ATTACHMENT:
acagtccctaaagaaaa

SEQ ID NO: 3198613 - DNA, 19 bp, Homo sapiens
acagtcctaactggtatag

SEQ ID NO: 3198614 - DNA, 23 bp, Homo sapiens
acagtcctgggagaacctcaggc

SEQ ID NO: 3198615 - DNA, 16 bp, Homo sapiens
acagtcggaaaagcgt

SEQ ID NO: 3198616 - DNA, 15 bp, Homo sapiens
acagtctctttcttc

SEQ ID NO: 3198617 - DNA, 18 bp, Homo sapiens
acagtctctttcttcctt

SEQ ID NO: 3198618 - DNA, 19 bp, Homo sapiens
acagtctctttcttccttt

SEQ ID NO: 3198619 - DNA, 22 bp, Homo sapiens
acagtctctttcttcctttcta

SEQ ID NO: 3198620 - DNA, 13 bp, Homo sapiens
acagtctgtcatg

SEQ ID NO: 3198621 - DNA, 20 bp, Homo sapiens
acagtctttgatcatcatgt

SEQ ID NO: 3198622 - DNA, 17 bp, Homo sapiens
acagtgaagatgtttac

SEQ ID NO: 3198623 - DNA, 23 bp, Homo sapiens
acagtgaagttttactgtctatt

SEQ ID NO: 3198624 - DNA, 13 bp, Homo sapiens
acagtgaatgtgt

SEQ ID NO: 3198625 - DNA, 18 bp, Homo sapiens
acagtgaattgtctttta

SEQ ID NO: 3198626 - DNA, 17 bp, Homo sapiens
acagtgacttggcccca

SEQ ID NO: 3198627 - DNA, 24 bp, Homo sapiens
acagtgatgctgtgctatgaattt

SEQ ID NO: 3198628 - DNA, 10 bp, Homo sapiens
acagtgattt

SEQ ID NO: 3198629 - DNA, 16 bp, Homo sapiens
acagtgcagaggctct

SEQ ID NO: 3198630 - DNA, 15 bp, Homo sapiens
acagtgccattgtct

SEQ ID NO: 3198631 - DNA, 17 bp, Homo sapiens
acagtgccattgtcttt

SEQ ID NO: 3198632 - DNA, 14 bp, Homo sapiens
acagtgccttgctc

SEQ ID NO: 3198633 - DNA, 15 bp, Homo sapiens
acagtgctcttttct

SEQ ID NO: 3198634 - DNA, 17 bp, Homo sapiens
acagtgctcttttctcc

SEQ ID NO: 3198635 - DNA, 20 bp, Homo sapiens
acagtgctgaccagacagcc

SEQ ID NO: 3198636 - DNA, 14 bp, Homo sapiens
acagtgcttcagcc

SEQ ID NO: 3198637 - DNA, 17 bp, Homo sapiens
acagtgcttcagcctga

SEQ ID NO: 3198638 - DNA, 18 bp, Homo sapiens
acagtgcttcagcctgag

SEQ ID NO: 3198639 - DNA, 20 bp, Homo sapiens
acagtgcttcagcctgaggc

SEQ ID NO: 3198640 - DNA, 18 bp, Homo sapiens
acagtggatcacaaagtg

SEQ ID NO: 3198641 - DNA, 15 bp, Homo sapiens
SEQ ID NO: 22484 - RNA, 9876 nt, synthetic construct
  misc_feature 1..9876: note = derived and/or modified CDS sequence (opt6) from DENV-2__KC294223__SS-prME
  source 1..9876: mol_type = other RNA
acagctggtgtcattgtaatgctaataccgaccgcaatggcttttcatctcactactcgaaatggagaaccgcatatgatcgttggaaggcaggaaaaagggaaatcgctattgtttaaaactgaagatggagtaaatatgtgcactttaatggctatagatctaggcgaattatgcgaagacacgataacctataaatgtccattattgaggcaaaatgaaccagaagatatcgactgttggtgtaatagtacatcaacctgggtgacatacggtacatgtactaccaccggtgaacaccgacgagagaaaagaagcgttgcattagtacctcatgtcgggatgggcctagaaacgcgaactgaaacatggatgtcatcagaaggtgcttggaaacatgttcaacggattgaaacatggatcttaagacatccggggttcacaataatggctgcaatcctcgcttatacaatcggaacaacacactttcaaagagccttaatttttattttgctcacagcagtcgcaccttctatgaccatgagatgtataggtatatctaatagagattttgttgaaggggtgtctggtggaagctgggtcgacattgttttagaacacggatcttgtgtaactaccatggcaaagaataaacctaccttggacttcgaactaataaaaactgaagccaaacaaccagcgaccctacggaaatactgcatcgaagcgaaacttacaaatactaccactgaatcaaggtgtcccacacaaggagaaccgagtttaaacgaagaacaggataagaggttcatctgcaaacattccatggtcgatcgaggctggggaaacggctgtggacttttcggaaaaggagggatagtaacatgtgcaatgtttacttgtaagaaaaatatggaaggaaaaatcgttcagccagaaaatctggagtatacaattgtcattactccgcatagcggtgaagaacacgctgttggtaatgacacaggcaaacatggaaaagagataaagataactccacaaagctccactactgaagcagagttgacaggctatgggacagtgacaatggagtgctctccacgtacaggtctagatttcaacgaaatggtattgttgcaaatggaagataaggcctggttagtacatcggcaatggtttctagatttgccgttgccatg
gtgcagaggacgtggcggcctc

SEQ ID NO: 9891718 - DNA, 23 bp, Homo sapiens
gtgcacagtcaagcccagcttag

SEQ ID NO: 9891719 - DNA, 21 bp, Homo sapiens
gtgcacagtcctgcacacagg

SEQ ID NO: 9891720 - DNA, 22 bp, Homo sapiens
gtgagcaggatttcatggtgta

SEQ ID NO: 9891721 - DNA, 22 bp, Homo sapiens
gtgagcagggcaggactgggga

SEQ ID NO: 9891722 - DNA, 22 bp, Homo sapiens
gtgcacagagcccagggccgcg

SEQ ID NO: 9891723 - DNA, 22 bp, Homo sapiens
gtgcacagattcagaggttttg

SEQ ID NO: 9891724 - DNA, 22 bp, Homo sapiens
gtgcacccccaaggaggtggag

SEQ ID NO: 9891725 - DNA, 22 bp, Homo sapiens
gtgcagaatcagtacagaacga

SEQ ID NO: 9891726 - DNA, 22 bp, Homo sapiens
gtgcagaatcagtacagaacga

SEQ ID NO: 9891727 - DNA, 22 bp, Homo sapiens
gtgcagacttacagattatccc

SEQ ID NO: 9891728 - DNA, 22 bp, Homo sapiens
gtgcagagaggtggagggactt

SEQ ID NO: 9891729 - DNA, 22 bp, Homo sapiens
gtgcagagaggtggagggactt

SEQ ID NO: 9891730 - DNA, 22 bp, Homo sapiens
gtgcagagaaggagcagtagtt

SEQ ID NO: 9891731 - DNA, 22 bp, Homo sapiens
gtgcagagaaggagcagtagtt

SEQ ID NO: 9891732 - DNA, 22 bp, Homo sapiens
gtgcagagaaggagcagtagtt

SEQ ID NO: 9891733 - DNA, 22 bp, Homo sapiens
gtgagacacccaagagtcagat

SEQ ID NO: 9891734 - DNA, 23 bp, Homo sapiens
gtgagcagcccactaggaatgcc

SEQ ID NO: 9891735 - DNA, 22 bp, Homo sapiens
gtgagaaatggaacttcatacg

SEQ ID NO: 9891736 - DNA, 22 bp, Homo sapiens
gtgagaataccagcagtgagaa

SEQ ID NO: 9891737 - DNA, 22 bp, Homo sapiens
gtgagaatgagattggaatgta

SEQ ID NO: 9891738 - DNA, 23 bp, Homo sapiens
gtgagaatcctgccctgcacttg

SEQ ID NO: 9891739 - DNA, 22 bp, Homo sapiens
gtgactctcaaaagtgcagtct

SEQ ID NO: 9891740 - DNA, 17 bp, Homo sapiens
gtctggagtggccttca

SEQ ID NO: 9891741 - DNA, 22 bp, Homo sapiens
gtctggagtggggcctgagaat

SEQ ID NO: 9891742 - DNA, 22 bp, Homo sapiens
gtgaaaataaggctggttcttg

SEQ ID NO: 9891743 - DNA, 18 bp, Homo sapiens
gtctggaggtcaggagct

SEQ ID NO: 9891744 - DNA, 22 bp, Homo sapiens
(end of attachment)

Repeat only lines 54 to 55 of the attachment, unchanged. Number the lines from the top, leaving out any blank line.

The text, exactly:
SEQ ID NO: 3198639 - DNA, 20 bp, Homo sapiens
acagtgcttcagcctgaggc